There are now just 70 days remaining before the UK is slated to leave the EU. Earlier this week, the UK Parliament rejected Prime Minister Theresa May’s proposed Brexit Withdrawal Agreement by a historic margin of 432-202. This was the largest ever defeat for a sitting government in the House of Commons, with more than a third of May’s own party voting against her. Both those supporting a harder and softer Brexit voted against the agreement, though they disagree about what should happen next.
Theresa May survived a subsequent vote of no-confidence by a close margin of 325-306. Labour leader Jeremy Corbyn could try to force another vote of no confidence, though this seems unlikely for now.
As for what comes next, May is meeting with leaders from other political parties in an effort to find a compromise that would be acceptable to Parliament and the EU 27. She has until Monday to come back to Parliament with a proposal.
Modest additional tweaks or assurances from the EU will almost certainly not change the parliamentary math. May will need to move toward either a harder or softer Brexit if she is to sway MPs, though both options have downsides in terms of earning votes.
Officials from the EU and its member states are standing firm, saying the current deal is the only one on offer. They may yet show some flexibility, but only if it would yield a softer Brexit. In any case, the European Commission would need a revised mandate from member states to negotiate changes.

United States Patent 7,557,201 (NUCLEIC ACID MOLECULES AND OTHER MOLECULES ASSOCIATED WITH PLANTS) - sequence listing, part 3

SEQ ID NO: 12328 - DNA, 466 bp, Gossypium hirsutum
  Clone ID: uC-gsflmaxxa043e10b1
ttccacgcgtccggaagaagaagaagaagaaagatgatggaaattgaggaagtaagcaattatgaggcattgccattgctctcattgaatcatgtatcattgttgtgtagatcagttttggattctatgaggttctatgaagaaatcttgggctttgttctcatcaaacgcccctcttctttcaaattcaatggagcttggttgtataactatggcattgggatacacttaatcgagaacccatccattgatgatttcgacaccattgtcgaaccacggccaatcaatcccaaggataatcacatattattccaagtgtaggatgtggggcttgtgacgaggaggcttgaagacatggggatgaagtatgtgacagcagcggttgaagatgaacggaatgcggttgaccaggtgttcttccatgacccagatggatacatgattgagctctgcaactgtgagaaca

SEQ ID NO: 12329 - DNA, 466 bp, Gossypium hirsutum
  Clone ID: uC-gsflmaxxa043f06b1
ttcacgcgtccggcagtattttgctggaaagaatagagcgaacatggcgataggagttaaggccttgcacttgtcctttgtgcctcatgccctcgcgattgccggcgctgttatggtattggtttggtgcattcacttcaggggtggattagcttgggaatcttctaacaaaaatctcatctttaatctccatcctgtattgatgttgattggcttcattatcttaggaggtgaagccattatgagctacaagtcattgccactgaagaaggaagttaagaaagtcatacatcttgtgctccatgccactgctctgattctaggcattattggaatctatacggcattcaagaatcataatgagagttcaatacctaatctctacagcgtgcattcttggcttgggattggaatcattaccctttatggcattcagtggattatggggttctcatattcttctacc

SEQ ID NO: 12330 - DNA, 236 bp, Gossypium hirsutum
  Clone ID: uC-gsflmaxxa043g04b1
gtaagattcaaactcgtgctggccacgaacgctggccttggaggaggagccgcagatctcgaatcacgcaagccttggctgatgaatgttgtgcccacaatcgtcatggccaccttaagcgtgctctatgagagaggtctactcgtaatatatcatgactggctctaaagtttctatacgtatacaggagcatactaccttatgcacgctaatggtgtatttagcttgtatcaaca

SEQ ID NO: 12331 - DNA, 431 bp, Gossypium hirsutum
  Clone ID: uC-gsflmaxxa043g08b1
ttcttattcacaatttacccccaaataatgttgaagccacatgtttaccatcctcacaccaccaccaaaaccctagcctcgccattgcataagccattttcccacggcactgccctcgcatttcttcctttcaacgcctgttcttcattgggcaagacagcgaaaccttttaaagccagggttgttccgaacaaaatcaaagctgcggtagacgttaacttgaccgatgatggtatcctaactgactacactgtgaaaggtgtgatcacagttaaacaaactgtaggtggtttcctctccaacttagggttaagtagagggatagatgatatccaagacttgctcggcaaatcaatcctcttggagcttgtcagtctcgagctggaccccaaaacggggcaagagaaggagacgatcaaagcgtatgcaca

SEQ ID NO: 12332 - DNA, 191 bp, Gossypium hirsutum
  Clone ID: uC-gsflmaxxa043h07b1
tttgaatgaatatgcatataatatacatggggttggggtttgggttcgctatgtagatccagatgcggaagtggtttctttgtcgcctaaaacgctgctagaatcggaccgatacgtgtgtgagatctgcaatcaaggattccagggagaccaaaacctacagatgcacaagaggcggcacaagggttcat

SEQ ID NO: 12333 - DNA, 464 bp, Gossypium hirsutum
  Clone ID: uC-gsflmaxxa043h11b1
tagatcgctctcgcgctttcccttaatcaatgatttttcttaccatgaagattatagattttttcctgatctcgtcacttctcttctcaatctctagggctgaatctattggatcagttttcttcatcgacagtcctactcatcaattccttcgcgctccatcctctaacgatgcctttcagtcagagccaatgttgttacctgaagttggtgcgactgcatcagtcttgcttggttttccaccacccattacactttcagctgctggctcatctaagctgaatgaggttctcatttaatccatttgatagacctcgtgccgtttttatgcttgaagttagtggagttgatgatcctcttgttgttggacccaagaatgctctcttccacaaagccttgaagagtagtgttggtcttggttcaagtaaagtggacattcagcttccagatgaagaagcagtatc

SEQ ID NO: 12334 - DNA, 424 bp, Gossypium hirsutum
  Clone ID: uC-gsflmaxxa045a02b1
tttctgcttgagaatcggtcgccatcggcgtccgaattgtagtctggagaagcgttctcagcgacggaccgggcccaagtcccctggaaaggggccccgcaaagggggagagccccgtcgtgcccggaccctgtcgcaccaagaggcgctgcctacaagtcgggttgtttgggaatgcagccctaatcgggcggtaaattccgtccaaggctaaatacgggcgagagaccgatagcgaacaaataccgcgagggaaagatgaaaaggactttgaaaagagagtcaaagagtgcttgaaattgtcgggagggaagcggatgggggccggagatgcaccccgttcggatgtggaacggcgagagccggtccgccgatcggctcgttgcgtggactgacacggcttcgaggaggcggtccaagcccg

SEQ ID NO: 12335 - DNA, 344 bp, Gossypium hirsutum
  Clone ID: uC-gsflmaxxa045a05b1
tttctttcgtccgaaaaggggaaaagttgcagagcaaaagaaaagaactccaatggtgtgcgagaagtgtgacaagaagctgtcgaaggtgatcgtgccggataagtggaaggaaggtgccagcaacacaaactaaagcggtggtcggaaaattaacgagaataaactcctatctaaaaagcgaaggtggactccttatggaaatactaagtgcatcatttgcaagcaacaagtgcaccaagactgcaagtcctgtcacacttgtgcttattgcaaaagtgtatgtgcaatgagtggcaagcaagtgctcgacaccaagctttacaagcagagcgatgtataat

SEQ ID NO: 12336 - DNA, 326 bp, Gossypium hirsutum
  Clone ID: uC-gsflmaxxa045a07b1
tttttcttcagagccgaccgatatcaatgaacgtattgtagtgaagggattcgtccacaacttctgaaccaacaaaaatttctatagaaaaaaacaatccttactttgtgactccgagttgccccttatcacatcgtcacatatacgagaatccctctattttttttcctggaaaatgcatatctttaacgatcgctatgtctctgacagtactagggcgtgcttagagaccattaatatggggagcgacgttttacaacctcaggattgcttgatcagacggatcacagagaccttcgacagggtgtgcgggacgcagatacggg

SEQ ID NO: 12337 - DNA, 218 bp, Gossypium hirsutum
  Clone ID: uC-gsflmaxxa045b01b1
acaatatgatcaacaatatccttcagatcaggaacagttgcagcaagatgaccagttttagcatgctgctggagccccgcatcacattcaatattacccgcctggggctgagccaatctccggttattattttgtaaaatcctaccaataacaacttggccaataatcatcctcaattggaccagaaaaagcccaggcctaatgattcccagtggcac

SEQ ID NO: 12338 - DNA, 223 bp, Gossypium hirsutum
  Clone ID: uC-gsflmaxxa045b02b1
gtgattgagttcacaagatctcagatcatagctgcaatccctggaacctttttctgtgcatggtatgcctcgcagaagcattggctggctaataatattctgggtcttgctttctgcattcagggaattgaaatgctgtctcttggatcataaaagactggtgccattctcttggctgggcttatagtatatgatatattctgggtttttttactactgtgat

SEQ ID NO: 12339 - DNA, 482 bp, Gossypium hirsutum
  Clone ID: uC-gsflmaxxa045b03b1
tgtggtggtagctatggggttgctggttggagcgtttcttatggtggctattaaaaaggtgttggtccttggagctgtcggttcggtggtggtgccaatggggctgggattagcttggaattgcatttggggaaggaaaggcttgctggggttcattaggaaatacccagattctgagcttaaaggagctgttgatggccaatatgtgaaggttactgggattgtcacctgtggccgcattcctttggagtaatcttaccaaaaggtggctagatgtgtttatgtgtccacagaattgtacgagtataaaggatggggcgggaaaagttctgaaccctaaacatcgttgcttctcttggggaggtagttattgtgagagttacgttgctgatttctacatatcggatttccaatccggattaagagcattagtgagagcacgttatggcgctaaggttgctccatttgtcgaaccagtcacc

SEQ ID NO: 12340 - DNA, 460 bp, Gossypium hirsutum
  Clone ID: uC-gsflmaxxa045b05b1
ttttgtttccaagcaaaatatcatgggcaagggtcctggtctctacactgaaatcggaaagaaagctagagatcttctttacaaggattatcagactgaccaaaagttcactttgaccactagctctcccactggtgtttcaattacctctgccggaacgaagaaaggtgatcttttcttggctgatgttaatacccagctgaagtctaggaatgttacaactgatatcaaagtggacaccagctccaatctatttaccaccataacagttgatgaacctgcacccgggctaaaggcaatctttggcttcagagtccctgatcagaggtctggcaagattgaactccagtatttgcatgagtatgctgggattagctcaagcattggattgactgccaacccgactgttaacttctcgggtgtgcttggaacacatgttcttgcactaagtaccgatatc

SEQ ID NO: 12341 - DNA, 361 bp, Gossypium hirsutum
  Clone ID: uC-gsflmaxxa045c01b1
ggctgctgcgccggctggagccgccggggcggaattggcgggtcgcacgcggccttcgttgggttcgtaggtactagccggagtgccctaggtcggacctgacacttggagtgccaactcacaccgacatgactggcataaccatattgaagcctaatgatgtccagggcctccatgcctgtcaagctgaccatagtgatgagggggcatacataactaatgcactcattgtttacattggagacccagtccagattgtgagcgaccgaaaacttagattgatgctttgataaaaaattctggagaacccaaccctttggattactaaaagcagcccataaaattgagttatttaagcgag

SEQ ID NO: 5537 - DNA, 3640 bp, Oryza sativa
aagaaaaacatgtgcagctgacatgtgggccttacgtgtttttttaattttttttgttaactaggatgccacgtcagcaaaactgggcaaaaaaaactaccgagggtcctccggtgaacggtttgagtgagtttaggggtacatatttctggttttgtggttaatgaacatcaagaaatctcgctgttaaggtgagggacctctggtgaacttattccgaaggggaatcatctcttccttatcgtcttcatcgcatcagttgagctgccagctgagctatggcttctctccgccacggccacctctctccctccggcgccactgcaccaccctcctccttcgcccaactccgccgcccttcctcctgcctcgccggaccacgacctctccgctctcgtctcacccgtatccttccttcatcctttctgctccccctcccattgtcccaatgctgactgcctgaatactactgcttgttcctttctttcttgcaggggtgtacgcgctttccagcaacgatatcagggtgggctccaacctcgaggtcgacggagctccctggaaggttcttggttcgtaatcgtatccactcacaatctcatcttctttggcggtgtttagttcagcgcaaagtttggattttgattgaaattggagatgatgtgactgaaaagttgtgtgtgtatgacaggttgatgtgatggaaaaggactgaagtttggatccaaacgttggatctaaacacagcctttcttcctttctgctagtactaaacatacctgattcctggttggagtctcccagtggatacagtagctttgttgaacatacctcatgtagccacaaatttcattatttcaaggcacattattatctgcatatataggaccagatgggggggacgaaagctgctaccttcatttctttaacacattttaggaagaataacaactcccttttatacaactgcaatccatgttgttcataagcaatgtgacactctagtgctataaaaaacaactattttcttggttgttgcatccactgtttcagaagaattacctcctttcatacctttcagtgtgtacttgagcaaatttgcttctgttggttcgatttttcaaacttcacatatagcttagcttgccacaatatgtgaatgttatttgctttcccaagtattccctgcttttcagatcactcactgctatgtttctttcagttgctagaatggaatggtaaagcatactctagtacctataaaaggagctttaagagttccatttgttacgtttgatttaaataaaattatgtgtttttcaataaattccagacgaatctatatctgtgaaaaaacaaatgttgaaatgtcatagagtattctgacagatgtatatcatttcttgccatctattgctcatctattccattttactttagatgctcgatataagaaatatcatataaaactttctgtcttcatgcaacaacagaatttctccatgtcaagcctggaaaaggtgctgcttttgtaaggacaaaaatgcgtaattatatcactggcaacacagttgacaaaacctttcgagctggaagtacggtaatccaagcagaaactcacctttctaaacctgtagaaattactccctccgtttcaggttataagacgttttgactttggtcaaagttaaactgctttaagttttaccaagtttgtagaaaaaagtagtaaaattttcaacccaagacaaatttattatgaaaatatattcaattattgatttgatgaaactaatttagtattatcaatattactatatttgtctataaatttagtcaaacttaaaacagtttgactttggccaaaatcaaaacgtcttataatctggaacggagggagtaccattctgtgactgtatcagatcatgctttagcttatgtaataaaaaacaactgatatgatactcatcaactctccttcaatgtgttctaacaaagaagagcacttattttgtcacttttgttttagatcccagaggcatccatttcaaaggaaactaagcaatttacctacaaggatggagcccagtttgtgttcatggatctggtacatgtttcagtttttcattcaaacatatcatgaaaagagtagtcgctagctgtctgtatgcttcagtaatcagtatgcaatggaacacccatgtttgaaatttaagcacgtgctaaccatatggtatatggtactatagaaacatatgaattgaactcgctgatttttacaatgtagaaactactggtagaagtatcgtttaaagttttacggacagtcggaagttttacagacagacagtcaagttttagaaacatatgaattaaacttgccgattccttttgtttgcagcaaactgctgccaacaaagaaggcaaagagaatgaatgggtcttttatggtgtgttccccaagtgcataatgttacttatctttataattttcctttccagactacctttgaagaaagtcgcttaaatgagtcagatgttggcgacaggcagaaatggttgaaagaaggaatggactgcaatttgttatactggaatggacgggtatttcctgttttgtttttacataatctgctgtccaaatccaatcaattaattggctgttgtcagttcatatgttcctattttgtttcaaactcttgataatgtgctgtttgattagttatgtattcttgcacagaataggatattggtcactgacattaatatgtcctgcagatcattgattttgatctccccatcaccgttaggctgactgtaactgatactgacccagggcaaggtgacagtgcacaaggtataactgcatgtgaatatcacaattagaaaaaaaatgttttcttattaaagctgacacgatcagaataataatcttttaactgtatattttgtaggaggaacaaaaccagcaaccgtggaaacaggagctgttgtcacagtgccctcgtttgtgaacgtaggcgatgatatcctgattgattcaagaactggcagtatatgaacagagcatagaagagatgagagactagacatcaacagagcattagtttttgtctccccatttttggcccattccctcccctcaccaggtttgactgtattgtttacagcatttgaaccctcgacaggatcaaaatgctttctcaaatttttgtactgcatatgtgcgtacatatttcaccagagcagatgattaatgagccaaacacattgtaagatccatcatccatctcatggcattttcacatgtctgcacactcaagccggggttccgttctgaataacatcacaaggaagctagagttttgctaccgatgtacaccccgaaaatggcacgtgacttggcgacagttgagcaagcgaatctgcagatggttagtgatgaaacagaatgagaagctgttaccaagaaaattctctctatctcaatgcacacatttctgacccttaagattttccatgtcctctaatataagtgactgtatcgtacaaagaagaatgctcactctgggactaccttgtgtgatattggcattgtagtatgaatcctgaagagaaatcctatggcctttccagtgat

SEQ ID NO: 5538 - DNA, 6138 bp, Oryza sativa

Whatever motion May brings forward next will be amendable. Several amendments are anticipated, and votes are scheduled for January 29.
As a consensus solution remains elusive, calls are increasing in some quarters for a second referendum. This would not be a straightforward task, since Parliament would first need to approve the question to be put to the people. Moreover, for now, there is not a majority in Parliament to support a second referendum, chiefly because the potential outcome is so uncertain.
In the event of either another general election (if May’s government were to lose a future no confidence vote) or a move toward a second referendum, the UK will have to seek—and the EU 27 must unanimously grant—an extension of the Article 50 negotiating period. Brussels has indicated its willingness to do this, but only if it is clear the UK is headed toward a softer exit.
As of today, with no deal in place, it’s growing more likely that the UK will crash out of the EU, immediately ending preferential access to its largest trading partner and erecting significant new barriers to the movement of goods, services, data, and people. Given the immense economic disruption that would ensue, the U.S. Chamber’s U.S.-UK Business Council has called on both the UK and EU to urgently consider extending the Article 50 negotiating period beyond March 29 to avoid this chaotic and disastrous “no deal” scenario.